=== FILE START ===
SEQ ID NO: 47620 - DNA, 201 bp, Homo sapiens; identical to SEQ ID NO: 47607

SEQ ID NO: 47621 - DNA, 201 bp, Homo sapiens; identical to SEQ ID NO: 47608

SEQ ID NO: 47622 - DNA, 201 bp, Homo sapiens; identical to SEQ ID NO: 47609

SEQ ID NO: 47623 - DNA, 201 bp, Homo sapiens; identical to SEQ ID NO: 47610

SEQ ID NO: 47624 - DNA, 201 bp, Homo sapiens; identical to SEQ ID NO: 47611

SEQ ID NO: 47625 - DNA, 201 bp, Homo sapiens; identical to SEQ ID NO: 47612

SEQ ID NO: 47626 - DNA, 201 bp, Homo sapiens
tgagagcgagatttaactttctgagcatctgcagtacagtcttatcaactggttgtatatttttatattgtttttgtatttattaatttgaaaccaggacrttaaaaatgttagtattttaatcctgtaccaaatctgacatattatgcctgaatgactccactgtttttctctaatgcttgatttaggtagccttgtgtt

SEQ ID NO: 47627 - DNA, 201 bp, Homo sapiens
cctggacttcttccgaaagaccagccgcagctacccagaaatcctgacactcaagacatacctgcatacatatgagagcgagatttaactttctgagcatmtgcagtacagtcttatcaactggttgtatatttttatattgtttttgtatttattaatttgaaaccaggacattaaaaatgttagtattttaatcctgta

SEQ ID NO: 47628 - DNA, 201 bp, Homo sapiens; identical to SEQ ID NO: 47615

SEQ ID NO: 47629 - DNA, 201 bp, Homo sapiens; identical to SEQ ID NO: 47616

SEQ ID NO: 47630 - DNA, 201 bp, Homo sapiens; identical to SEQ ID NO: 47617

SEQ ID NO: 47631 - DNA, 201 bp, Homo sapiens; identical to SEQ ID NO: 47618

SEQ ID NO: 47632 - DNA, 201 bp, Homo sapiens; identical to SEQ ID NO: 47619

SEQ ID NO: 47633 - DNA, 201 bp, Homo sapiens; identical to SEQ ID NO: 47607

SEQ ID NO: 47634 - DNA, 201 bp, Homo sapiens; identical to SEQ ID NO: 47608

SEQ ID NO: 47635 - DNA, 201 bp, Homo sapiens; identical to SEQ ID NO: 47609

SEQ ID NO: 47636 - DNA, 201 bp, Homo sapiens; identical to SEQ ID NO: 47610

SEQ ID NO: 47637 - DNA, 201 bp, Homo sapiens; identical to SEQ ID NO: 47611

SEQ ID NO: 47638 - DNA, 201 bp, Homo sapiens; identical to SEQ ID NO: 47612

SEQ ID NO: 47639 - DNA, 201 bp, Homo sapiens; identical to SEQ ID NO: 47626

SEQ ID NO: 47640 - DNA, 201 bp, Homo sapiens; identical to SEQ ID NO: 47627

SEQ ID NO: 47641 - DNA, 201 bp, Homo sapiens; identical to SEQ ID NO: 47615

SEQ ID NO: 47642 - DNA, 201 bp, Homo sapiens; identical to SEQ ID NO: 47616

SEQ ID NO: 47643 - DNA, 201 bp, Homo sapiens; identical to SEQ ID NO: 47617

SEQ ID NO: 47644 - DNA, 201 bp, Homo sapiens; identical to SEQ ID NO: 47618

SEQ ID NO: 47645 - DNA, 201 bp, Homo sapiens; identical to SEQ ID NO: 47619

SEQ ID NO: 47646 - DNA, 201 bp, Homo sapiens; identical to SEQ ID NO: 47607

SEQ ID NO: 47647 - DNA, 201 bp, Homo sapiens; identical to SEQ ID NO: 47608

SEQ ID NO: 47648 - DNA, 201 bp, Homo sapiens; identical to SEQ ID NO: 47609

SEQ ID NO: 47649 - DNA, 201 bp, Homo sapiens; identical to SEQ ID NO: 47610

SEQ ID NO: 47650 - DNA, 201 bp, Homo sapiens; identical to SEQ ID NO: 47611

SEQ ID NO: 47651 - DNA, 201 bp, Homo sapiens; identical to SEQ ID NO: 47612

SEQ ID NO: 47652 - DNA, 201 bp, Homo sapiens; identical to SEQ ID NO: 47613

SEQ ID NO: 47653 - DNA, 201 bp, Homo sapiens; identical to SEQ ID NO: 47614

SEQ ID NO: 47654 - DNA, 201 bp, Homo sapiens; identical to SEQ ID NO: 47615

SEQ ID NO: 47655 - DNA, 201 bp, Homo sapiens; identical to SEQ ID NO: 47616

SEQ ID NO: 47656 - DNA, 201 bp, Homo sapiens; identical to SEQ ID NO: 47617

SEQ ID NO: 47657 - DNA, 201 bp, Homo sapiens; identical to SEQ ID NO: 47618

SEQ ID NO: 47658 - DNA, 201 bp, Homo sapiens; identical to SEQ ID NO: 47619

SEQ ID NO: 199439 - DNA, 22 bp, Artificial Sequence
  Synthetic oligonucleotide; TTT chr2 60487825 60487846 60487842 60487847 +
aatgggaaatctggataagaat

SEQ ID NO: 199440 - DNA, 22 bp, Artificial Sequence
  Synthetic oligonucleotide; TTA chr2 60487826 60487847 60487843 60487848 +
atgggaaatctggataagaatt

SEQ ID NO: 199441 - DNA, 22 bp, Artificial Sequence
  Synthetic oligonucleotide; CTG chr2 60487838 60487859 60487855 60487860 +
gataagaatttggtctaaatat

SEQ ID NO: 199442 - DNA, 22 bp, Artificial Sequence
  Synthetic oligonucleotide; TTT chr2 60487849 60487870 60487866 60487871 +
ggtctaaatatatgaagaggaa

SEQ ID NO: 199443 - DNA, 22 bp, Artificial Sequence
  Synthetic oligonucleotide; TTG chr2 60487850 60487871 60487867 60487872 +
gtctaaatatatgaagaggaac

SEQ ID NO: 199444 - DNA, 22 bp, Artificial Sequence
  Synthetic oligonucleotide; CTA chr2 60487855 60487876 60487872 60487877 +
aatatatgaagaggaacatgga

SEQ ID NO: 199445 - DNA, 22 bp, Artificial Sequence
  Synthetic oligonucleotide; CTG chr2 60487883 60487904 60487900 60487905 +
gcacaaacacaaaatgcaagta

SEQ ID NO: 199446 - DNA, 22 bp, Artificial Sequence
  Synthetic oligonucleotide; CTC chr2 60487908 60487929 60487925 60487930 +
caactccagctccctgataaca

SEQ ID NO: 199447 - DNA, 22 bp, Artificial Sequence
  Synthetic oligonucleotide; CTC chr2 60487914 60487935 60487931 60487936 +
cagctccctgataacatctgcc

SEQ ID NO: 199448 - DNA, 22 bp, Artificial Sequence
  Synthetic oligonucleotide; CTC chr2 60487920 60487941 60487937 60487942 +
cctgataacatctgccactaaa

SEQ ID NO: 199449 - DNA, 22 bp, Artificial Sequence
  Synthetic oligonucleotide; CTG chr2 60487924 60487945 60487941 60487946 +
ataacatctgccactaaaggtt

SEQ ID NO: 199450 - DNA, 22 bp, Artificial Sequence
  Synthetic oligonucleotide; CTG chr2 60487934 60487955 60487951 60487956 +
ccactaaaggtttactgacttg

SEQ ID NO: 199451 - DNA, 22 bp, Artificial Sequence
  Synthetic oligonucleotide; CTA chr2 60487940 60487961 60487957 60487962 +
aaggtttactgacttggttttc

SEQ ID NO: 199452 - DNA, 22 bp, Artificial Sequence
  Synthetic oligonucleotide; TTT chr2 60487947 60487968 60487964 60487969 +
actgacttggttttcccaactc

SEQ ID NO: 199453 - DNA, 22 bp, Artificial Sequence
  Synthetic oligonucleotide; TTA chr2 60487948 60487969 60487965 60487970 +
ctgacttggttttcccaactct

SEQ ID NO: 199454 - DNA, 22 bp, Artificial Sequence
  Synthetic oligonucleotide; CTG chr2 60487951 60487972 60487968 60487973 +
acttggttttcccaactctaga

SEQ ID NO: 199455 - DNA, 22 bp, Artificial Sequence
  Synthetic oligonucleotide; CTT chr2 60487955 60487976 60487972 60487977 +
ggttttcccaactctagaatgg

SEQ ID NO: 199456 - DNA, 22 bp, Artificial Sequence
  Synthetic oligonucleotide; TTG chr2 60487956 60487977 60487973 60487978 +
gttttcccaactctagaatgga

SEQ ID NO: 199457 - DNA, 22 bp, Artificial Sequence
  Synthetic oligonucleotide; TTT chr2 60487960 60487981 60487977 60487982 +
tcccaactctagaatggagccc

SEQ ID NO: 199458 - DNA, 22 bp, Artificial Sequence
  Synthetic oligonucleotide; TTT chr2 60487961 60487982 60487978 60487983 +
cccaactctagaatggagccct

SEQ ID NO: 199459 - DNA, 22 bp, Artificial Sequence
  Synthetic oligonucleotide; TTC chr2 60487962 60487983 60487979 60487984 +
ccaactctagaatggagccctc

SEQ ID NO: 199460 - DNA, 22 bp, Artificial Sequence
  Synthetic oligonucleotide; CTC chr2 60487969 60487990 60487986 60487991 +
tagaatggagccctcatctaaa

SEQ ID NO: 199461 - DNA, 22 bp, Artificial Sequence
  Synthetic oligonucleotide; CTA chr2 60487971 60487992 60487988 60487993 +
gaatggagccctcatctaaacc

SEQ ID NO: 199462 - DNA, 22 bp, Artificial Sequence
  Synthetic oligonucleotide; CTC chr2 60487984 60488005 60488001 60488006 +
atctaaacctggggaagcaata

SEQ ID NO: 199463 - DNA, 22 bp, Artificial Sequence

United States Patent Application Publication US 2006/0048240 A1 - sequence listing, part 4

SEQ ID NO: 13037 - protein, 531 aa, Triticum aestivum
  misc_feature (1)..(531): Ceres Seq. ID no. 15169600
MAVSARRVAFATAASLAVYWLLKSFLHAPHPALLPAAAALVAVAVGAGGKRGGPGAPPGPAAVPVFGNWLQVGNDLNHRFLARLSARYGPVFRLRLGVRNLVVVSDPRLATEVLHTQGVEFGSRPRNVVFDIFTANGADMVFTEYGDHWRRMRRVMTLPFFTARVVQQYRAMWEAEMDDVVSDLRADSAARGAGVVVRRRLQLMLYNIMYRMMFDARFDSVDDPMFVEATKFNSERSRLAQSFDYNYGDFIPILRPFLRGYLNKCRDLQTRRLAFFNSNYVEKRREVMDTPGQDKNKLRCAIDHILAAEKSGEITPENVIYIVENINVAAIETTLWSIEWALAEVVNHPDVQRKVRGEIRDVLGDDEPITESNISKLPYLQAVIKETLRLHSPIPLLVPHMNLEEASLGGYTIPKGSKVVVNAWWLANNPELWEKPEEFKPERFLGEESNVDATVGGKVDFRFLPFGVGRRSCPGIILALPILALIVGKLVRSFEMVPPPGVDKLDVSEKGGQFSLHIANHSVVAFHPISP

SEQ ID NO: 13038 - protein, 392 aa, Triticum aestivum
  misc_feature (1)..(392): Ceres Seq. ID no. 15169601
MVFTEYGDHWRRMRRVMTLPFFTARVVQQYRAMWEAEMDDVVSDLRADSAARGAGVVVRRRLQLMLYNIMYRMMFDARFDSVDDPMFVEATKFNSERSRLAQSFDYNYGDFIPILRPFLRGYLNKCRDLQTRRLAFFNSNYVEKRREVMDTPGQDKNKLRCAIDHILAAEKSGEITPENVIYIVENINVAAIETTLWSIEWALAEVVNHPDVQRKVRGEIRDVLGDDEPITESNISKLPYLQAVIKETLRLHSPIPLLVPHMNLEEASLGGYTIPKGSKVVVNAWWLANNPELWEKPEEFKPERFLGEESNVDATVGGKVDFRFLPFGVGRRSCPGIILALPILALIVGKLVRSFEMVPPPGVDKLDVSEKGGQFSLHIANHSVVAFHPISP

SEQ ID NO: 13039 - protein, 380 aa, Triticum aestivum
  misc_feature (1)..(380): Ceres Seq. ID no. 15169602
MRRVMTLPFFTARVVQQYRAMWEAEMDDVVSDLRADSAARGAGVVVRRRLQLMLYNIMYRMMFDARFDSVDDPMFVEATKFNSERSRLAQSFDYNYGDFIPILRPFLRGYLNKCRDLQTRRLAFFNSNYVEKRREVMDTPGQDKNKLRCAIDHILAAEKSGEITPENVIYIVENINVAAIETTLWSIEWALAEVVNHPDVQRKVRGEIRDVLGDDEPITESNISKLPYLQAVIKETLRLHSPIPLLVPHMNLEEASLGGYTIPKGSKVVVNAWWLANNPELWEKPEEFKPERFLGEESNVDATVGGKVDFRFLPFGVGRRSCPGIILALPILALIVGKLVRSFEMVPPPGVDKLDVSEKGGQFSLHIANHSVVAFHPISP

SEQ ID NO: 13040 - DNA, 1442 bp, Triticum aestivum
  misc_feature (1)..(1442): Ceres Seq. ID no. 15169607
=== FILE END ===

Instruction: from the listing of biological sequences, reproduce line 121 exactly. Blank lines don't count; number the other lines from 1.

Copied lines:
MVFTEYGDHWRRMRRVMTLPFFTARVVQQYRAMWEAEMDDVVSDLRADSAARGAGVVVRRRLQLMLYNIMYRMMFDARFDSVDDPMFVEATKFNSERSRLAQSFDYNYGDFIPILRPFLRGYLNKCRDLQTRRLAFFNSNYVEKRREVMDTPGQDKNKLRCAIDHILAAEKSGEITPENVIYIVENINVAAIETTLWSIEWALAEVVNHPDVQRKVRGEIRDVLGDDEPITESNISKLPYLQAVIKETLRLHSPIPLLVPHMNLEEASLGGYTIPKGSKVVVNAWWLANNPELWEKPEEFKPERFLGEESNVDATVGGKVDFRFLPFGVGRRSCPGIILALPILALIVGKLVRSFEMVPPPGVDKLDVSEKGGQFSLHIANHSVVAFHPISP